Challenging Times for Vicinity with 71% profit slump
Vicinity Centres announced its annual results for the 12 months to 30 June 2019 revealing the challenge they face in the uncertain waters of retail malls. Vicinity have put an end to the disposal strategy which kicked off 3 years ago, instead deciding to retain the assets and seek to avoid valuations falling further.
The business still delivered FFO of $689.3 million or 18.0 cents per security, up 2.0% on FY18. The FFO was driven by comparable net property income (NPI) growth of 1.5%, development completions and Vicinity’s securities buy-back, but the portfolio is still in pain.
Mr Grant Kelley, CEO and Managing Director, bravely said: “We have delivered a solid financial result in a challenging retail environment, which demonstrates the strength and resilience of our portfolio and the execution of the strategy that we commenced a year ago.”
Mr Kelly said: “The recent softening in investor demand for retail property funds globally, compounded by a crowded divestment market, is impacting retail property pricing in Australia. Consequently, they believe it is in the best interests of securityholders not to proceed with [Keppel] transaction, nor any further material asset divestments, in the current environment as there is more value keeping these assets on balance sheet."
Total portfolio sales grew over the 12 months to June 2019 by 2.7% (excluding Development impacted Centres), however leasing spreads remained negative at -2% as retailers appear to have less confidence in mall traffic and sales. In WA, the leasing spread was -15% with Mandurah Forum feeling the after pains of a major development with many retailers forced to close their stores. The flow on impact on valuations are evident across the portfolio with a net decline of -$227m recorded (compared to a $634m gain last year) as follows;
Major Regionals -$229m (-7.3%) with no change in the average cap rates at 5.5%
Regionals -$143.6m (-7.7%) with an average 30bps softer cap rate at 6.2%
Sub Regionals -$96m (-3.1%) with an average 27bs softer cap rate at 6.40%
Neighbourhoods -$21m (-8.5%) with an average 33bs softer cap rate at 6.35%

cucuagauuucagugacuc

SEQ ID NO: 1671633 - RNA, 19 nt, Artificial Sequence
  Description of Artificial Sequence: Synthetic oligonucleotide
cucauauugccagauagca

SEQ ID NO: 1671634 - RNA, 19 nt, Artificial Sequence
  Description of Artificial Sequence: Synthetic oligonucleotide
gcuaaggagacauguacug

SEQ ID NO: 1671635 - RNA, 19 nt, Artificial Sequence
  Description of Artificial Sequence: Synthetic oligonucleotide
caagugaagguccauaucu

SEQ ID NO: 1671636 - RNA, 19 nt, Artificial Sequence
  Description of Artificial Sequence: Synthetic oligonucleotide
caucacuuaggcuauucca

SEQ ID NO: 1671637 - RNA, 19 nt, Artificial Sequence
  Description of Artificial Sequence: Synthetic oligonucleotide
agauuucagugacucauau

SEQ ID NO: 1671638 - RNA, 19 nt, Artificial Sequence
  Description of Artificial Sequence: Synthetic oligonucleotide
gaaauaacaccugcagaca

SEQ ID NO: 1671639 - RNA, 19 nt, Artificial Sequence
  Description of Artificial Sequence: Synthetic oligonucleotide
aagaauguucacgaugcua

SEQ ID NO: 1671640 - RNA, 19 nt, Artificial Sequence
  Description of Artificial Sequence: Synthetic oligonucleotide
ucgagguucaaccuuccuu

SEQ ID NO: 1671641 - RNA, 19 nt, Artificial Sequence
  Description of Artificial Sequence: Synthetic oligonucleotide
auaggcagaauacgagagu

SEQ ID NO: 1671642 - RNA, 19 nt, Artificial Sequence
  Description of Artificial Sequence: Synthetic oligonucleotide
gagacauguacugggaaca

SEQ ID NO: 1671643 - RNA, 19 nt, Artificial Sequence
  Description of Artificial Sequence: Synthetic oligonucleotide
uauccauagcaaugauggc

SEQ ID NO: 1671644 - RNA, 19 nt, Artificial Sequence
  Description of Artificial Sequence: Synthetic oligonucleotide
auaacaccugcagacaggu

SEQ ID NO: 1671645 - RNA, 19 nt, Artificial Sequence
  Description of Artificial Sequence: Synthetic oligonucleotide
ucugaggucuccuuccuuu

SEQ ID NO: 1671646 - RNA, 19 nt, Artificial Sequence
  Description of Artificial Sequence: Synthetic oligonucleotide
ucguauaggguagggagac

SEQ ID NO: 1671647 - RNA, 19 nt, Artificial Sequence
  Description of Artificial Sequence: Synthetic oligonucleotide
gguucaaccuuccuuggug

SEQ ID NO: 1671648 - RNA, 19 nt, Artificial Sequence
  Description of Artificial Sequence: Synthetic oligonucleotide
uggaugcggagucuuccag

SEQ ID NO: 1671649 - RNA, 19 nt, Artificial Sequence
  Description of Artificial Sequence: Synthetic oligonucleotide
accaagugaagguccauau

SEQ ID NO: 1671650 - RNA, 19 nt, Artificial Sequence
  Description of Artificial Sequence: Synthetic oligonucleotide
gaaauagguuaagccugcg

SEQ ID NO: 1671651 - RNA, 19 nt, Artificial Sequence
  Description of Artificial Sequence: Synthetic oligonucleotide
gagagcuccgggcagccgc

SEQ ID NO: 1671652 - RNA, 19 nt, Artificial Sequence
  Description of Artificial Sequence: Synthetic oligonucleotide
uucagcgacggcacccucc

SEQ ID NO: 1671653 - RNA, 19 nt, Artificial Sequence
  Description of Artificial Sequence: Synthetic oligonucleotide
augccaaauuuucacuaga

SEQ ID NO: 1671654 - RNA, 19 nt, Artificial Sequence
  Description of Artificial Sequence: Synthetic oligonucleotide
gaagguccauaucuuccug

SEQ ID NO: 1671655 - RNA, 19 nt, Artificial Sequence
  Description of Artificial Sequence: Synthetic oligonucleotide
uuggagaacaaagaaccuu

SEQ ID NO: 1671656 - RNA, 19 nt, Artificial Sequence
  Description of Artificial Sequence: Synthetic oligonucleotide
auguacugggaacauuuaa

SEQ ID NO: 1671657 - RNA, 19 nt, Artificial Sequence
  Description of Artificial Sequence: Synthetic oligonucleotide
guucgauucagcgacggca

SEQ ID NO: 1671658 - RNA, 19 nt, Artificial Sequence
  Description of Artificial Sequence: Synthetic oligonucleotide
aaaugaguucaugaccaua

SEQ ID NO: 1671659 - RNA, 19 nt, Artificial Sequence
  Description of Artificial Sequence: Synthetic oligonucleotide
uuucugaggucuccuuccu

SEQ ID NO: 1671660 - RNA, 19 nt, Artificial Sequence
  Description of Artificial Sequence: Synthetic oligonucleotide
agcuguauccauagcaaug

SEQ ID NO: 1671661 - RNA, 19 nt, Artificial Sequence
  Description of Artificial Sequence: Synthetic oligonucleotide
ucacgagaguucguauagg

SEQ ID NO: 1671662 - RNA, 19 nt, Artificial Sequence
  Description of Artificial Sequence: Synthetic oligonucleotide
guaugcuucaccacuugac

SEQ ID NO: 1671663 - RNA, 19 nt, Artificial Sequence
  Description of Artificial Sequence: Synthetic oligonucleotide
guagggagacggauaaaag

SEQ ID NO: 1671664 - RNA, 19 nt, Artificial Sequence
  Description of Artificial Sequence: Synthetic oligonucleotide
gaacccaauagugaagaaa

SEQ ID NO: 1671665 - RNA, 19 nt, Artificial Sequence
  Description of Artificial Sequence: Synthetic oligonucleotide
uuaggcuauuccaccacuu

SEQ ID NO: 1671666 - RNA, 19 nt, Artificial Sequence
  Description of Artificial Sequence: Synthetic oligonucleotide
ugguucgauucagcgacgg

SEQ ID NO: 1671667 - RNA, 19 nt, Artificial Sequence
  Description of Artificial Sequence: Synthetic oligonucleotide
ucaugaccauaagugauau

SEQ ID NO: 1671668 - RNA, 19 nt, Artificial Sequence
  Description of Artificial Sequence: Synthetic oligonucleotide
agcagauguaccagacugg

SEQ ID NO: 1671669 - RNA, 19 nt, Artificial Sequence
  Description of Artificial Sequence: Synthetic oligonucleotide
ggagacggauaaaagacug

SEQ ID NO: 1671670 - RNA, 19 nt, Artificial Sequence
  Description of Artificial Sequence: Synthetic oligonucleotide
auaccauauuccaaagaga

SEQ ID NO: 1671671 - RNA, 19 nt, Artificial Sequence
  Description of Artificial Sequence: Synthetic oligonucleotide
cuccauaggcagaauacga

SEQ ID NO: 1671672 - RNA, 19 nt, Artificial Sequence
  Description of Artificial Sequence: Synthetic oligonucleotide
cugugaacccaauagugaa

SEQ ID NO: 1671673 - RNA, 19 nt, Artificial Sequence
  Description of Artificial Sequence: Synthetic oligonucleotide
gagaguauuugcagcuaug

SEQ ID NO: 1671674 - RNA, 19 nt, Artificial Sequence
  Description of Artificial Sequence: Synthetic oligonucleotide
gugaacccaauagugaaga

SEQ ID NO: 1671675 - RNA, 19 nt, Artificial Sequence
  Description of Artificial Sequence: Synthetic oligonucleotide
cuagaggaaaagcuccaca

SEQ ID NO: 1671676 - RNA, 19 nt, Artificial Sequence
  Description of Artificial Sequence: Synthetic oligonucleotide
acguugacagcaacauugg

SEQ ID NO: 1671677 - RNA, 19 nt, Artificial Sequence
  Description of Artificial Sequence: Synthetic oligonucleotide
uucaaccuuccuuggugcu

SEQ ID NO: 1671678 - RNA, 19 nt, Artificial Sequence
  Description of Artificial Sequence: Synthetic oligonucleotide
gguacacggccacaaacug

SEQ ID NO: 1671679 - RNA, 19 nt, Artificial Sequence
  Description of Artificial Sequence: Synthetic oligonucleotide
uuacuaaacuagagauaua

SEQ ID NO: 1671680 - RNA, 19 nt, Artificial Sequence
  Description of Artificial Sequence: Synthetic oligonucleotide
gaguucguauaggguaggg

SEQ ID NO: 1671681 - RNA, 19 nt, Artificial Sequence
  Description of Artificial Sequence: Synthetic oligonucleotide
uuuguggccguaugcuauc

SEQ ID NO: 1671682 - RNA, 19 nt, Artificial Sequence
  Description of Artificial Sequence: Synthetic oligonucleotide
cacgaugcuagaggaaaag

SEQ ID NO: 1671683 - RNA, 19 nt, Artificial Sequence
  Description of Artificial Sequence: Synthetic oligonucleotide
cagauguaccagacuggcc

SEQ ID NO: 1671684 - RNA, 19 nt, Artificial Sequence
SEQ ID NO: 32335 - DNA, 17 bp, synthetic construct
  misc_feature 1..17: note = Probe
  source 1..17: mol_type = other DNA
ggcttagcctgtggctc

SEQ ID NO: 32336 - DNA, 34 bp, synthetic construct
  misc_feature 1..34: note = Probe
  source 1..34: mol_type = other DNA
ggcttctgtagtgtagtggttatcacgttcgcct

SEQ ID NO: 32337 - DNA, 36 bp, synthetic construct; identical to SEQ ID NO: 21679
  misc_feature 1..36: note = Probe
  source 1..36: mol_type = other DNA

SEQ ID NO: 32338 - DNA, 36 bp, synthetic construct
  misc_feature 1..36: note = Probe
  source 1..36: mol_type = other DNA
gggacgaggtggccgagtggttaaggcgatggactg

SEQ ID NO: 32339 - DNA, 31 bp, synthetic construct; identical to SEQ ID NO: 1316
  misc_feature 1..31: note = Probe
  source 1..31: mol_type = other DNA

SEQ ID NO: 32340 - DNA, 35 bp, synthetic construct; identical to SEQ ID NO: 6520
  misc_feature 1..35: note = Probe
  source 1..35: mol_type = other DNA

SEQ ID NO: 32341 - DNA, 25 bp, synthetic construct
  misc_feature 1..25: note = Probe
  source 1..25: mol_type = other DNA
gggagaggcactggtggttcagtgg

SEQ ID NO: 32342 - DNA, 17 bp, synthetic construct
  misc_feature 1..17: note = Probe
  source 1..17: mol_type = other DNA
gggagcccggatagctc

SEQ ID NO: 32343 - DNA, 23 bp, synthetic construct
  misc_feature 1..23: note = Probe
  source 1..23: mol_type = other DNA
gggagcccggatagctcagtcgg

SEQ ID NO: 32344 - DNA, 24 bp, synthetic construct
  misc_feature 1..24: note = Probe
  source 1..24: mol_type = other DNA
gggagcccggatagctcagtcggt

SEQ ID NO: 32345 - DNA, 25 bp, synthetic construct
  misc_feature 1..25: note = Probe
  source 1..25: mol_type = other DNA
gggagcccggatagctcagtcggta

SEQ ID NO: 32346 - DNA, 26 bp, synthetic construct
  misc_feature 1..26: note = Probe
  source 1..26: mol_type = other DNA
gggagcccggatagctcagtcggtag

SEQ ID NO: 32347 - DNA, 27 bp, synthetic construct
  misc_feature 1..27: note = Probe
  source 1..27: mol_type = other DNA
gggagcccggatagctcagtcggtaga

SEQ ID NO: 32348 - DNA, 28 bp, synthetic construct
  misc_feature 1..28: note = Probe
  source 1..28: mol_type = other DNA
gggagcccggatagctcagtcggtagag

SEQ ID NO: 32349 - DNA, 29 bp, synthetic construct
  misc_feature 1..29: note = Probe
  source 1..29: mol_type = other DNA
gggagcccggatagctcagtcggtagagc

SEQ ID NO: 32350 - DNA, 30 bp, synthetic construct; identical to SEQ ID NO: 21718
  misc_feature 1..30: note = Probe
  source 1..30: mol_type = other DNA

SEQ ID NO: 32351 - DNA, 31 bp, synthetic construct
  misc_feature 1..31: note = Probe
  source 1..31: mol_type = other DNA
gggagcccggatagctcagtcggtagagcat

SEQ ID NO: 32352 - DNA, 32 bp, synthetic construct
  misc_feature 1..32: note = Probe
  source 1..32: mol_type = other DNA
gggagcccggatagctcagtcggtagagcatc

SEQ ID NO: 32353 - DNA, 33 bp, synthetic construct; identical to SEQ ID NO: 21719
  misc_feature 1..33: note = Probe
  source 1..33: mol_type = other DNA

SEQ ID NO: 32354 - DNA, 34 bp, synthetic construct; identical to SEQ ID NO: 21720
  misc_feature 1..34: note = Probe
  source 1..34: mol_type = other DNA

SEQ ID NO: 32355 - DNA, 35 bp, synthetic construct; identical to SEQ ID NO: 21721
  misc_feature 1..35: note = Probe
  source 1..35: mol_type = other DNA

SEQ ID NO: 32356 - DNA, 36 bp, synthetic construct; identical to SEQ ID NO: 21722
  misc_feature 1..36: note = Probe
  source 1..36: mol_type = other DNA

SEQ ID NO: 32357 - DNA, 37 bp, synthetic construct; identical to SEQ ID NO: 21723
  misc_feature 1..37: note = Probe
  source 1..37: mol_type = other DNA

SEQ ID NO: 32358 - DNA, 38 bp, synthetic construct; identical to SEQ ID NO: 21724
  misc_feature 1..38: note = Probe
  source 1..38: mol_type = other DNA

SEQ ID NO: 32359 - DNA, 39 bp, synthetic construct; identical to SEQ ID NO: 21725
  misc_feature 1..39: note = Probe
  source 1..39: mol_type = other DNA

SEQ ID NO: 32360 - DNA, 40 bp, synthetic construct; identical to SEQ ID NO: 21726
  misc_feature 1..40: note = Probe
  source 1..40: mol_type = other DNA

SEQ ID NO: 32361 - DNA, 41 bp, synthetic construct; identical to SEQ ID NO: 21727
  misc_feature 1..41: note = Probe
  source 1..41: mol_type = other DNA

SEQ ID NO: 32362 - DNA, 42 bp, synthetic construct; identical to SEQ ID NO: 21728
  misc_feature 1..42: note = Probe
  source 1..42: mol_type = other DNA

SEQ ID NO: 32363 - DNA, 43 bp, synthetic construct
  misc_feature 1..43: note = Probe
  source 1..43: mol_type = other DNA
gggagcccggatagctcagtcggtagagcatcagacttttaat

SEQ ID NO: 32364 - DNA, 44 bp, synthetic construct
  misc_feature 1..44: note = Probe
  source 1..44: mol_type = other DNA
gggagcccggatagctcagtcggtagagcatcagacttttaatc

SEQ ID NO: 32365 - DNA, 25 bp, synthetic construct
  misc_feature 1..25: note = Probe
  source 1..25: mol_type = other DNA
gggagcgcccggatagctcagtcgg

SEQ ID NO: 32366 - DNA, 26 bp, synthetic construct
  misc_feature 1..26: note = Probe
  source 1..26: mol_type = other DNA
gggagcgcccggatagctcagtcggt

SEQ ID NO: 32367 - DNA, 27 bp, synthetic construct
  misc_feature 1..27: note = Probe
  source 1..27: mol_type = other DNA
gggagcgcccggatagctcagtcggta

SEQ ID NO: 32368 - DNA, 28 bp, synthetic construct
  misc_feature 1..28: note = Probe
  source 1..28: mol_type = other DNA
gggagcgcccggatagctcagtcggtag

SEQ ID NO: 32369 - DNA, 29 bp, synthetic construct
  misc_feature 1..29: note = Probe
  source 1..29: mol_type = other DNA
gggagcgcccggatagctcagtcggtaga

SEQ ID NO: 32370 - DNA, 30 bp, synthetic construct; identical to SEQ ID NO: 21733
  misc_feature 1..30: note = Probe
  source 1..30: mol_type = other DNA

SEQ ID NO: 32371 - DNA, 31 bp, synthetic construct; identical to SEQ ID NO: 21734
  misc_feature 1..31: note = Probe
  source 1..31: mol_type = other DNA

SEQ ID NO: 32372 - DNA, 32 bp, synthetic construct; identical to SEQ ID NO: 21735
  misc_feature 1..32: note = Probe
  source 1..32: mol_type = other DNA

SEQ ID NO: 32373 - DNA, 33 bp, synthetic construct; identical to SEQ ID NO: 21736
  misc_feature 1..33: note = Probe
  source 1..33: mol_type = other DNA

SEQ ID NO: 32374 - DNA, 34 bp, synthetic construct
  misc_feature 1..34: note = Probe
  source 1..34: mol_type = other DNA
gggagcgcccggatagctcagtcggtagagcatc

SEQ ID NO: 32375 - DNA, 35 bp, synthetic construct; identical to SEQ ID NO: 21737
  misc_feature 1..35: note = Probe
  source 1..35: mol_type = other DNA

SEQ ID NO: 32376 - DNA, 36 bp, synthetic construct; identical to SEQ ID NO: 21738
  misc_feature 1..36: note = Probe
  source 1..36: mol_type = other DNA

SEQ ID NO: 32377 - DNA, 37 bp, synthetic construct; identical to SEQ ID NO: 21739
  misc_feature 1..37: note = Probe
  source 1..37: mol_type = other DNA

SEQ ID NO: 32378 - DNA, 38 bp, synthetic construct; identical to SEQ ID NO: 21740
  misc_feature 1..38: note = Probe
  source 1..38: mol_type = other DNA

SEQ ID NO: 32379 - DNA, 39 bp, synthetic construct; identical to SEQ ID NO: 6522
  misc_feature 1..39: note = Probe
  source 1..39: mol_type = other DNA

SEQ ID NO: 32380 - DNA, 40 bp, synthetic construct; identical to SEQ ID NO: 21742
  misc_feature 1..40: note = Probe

Improvements in valuations were seen in;
Super Regionals (Chadstone) +$98m with no change in cap rates at 3.75%
City Centres +$16m with no change in cap rates at 4.75%
Outlet Centres +$149.2m with an average 8bps sharper cap rate at 6.45%
The decline in book value is the key contributor to a 71% decline in statutory net profit after tax to $346.1 million for the group. Vicinity will pay a lower distribution per security of 15.9 cents for FY19, compared to 16.3 cents in the prior year. This decrease is largely due to the impact of asset divestments over the past two years and reflects an adjusted FFO (AFFO) payout ratio of 99.8%.
Vicinity made progress on their $3.3 billion (Vicinity’s share: $1.9 billion) development pipeline. In October, they opened DFO Perth, and in July they completed the final major stage of The Glen’s $430 million development. Construction has commenced on more than 500 apartments at The Glen in the largest air-rights deal in Australia, Vicinity’s first residential project to realise value from mixed-use opportunities across our portfolio
A redevelopment of Chatswood Chase Sydney is in advanced planning with development approval granted and construction expected to start in mid 2020. Additionally, Vicinity is advancing plans for several retail and mixed-use developments for Box Hill Central and Bankstown Central with projects in detailed planning for Chadstone, Buranda Village, Victoria Gardens Shopping Centre, Emporium Melbourne and QueensPlaza.
Vicinity's gearing of 27.1% is at the lower end of their 25% to 35% target range. During the year, Vicinity accessed $2.0 billion of new or re-negotiated debt including the issuance of $400 million of Australian medium term notes for a six-year term, with an interest rate of approximately 2.6%. Vicinity now has access to undrawn debt facilities of $1.4 billion.
Vicinity’s FFO guidance for FY20 is 17.8 to 18.0 cents per security, reflecting comparable growth of 1.7% to 2.9%.
The retail environment is expected to remain challenging in FY20, although economic stimulus including lower interest rates and income tax cuts may benefit retail spending
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